NASCAR to honor fallen soldiers at Texas race

BY foxsports • November 7, 2009

Dale Earnhardt Jr. loves to talk about his sponsorship ties to the military. He had a hard time finding the words Friday to discuss the massacre that left 13 people dead at Fort Hood.

Texas Motor Speedway is just 170 miles north of the site of a shooting spree that also injured 30, including the suspected gunman. A U.S. Army logo with the message "God Bless Our Fort Hood Troops" was painted on the infield grass Friday. Moments of silence were planned before each event, including Sunday's Sprint Cup race.

The first question of Ryan Newman's news conference wasn't about the Fort Hood massacre, but he switched gears in the middle of his answer to offer condolences. The Army is one of his sponsors.

Earnhardt, who drives the No. 88 Army National Guard car, initially declined a request to speak about the incident. Approached a few hours later, he still struggled for an answer.

"It's pretty scary, and obviously there's a lot of people that are dealing with a lot of loss today," Earnhardt told The Associated Press after a long pause. "They have a lot of people in the hospital, so there's a lot of families upset and dealing with a lot of trouble so it's pretty difficult for everybody."

A few years ago, Earnhardt proudly unveiled two National Guard paint schemes on his cars before one of the Texas races. His sport has strong ties to the military, too. NASCAR president Bill France Jr. once said the fan base was the people who "won wars" for the U.S.

Military flyovers are mainstays before Sprint Cup events, and troops are frequently honored on race days. A military official sometimes sits in on driver meetings.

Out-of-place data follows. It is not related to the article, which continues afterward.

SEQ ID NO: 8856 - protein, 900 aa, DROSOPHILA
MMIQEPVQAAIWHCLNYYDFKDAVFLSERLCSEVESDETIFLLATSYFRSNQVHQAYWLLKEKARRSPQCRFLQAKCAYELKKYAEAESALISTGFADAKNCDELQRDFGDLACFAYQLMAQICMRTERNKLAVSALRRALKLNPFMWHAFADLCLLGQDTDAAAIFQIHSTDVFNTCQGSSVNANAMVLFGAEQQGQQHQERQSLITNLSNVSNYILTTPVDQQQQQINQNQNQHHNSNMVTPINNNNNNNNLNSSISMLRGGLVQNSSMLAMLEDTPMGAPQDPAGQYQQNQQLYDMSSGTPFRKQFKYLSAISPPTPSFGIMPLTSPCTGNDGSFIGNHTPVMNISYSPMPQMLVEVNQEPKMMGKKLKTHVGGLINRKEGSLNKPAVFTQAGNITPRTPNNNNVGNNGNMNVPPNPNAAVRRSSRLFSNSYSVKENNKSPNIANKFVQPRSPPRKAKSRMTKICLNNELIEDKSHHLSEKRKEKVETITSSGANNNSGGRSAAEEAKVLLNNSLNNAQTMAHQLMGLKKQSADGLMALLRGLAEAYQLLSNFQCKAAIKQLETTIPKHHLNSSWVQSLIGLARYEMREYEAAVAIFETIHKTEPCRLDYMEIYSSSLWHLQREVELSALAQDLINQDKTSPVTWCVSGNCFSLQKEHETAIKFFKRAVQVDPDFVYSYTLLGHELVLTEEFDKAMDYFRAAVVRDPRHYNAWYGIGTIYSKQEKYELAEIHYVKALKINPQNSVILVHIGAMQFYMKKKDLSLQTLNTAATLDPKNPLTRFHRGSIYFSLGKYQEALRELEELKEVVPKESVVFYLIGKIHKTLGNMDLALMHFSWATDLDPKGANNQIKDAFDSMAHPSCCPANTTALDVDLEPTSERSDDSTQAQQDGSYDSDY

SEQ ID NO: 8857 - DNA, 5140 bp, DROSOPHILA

Being in Fort Worth this weekend only heightened NASCAR's connection to the military after tragedy struck Fort Hood.

"We'll definitely be whatever part of the recovery process we can be independently and as a whole sport, I'm sure," Earnhardt said.

Newman said he took the military for granted before being sponsored by the Army. Now that he's had a chance to meet high-ranking officers, the Fort Hood news hit a lot closer to home, although he didn't know anyone directly affected by the shootings.

"Whatever happened, unfortunately to me it's a part of life," Newman said. "It's happened before. It will happen again. Whether it's in the U.S. Army, in a convenience store, it's a part of life. Our thoughts and prayers go out to the families."

The National Guard also sponsors Jeff Gordon.

"I don't know how you really put it in perspective," Gordon said. "It was tragic."

Earnhardt said he figured the pro-military NASCAR crowd wouldn't be alone in reaching out.

"I think the whole world will pitch in on this deal," he said. "You just can't imagine how it is for those parents or those families or those wives who lost somebody to something that senseless or have somebody in the hospital trying to recover."

in this topic